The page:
This developmental paper reports a work in progress study. It aims at investigating microand
macro-level processes related to doctors? professional/religious identity conflict in
critical situations, such as End-of-Life (EoL) circumstances, and the consequences of such
conflict on doctors? psychological well-being (PWB). It achieves this by testing in a
multilevel, moderated mediation analysis four hypotheses in a two-wave study of doctors
working in 30 NHS Trusts in England. By providing a holistic framework on identity conflict
dynamics (its emergence, unfolding and individual consequences), this developmental paper
has the potential to make two key contributions to the literature on identity and identity
conflict as experienced by doctors in EoL circumstance. First, it clarifies micro-level
conditions and mechanisms of professional/religious identity conflict in doctors and its
impact on PWB. Second, by including ?extra-individual? forces as macro-level boundary
conditions, namely organisational ethical climate, it extends identity theories with social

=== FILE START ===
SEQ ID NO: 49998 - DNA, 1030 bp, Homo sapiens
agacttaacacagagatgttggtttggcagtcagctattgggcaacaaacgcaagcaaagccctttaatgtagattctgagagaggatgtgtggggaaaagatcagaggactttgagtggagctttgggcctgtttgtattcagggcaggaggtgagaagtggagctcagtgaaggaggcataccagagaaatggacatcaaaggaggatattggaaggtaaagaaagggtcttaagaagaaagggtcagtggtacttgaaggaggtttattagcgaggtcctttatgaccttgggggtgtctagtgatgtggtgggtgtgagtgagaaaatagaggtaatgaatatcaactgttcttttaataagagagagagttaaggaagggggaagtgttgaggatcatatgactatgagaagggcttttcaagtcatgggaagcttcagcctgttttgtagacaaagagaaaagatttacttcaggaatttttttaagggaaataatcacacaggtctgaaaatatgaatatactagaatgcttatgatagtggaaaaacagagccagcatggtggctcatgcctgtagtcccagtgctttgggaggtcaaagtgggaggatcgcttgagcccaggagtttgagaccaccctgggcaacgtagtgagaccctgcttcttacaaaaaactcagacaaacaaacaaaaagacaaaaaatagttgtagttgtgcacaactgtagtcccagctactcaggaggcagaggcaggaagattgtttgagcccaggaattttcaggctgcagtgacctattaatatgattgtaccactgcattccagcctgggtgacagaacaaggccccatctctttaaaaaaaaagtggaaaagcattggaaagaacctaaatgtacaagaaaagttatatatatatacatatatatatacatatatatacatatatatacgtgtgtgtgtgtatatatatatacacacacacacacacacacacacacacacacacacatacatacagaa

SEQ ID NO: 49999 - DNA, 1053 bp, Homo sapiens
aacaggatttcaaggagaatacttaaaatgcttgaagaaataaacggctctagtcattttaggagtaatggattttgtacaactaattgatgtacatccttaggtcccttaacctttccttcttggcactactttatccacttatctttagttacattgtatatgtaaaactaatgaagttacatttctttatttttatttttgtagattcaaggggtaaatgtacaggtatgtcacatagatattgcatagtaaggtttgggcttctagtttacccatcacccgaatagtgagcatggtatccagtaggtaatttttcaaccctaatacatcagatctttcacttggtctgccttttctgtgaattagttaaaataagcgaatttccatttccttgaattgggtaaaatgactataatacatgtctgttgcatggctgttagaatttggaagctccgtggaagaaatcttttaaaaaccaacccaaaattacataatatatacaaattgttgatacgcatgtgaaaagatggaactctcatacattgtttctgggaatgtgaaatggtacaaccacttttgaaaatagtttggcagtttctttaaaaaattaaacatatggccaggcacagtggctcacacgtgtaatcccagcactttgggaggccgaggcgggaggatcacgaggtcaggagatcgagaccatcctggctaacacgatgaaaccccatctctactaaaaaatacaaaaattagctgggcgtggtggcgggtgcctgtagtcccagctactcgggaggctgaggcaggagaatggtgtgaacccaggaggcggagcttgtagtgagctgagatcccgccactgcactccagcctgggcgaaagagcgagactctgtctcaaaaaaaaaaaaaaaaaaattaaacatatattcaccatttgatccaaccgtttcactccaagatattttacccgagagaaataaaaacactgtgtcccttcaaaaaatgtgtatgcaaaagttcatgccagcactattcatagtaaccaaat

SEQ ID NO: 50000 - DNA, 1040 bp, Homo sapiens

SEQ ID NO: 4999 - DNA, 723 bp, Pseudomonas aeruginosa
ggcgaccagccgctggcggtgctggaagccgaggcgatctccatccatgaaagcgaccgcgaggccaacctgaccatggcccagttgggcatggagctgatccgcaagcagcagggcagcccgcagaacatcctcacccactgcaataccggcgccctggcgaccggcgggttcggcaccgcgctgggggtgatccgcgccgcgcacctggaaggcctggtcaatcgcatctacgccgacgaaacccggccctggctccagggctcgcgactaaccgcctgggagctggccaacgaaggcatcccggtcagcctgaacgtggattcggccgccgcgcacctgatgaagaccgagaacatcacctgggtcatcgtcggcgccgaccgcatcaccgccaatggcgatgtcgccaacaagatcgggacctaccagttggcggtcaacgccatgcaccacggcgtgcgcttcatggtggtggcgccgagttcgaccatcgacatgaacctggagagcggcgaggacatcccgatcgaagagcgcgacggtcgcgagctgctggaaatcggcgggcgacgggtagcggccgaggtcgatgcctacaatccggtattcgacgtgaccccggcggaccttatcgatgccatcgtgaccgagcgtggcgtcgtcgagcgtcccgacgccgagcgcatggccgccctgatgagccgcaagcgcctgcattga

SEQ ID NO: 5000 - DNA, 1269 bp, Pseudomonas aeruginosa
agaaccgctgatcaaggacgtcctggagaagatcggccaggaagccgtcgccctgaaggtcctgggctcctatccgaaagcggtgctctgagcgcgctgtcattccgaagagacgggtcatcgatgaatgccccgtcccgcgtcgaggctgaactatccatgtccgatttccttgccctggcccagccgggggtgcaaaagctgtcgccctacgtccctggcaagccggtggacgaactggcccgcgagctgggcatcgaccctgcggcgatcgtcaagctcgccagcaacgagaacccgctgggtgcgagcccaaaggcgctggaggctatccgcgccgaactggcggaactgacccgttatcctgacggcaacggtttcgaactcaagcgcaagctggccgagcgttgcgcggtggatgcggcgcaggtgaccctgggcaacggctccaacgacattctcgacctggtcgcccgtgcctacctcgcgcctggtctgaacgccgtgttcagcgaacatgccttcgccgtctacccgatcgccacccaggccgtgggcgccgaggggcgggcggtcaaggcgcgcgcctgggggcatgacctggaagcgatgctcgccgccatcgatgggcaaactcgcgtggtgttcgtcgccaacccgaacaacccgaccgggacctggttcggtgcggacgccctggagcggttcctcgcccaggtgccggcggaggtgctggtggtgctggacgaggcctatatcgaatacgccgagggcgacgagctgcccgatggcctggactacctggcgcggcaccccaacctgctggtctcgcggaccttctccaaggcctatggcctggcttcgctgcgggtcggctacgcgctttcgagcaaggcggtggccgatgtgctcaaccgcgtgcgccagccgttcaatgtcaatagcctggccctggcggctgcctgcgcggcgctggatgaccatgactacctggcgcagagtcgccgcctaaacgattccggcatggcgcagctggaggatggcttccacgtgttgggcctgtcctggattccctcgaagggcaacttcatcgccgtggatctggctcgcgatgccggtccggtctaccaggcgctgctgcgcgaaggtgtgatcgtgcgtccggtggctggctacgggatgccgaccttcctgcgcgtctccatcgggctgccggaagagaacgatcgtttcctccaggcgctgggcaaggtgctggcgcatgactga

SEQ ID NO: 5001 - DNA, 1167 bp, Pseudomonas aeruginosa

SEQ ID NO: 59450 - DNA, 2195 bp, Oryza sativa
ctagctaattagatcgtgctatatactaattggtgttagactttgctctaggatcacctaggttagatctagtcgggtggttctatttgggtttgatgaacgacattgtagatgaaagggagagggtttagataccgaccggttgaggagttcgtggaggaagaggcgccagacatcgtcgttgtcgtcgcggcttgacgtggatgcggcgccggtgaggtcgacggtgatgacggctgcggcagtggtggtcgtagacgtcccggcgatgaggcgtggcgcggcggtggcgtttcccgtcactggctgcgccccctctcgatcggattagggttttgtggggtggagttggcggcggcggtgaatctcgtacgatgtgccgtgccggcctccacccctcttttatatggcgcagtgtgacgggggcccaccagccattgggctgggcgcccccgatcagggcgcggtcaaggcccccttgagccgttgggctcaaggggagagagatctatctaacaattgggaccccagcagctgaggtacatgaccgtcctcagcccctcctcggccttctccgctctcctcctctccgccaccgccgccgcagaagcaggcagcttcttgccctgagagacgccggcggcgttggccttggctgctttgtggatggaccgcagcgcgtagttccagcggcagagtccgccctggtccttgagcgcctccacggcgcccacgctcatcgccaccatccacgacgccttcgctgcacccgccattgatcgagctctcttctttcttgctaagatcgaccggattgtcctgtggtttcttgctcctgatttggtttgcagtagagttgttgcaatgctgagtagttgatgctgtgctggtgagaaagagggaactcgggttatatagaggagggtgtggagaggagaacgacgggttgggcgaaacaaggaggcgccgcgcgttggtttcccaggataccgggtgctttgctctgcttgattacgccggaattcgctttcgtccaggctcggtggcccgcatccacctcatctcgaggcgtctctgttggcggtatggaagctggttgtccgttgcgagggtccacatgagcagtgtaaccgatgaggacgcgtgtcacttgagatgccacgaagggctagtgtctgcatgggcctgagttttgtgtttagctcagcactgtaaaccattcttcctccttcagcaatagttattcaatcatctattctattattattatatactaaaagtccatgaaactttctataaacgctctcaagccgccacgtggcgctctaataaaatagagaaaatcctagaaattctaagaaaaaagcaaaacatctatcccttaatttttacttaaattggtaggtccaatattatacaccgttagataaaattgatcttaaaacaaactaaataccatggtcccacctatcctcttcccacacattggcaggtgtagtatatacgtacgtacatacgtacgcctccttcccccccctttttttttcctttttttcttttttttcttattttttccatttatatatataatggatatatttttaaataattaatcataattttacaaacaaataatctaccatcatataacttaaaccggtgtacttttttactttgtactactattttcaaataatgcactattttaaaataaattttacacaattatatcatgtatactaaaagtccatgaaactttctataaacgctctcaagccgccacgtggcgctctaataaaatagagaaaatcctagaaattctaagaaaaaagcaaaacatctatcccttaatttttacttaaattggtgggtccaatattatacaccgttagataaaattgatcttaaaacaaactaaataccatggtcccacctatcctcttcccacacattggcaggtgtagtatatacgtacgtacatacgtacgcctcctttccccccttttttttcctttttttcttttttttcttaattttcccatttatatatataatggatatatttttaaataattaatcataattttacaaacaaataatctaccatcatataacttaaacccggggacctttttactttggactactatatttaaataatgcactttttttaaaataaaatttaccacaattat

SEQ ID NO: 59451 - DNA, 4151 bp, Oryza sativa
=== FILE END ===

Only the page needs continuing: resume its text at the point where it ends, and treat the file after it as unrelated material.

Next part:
information processing theory.
The purpose of this article is to offer a critical and broad perspective on how transnational companies (TNCs) behave in the global context, focusing its attention on the controversial issue of tax avoidance in the UK. It pursues this aim by taking into account not only economic globalisation, mobility of capital and tax havens, but also ethics and corporate social responsibility.Design/methodology/approach
This article seeks to provide an interdisciplinary viewpoint drawing not only from well-established scholarly literature but also from real cases and evidence, such as the scandals involving corporate giants, such as Starbucks, Google and Amazon in the UK.Findings
This article highlights the fundamental interplay and mutual aid of ethics and international laws, underlining the increasing importance of corporate social responsibility principles in todays? business practices. However, it also emphasises the need of reinforcing these principles with either regional or universalistic legal approaches to tackle TNCs? misconduct in the international arena.Practical implications
This article suggests that by establishing and enforcing international business laws, increasingly aligned with ethical principles, the gap between ethics and legislation can be consistently bridged. Hence, TNCs? behaviour could be more efficiently controlled.Originality/value
The paper contributes to the literature on modern economic globalisation by providing a comprehensive and integrative perspective on TNCs? behaviour, accounting for the interplay of socio-ethical, legal and business principles.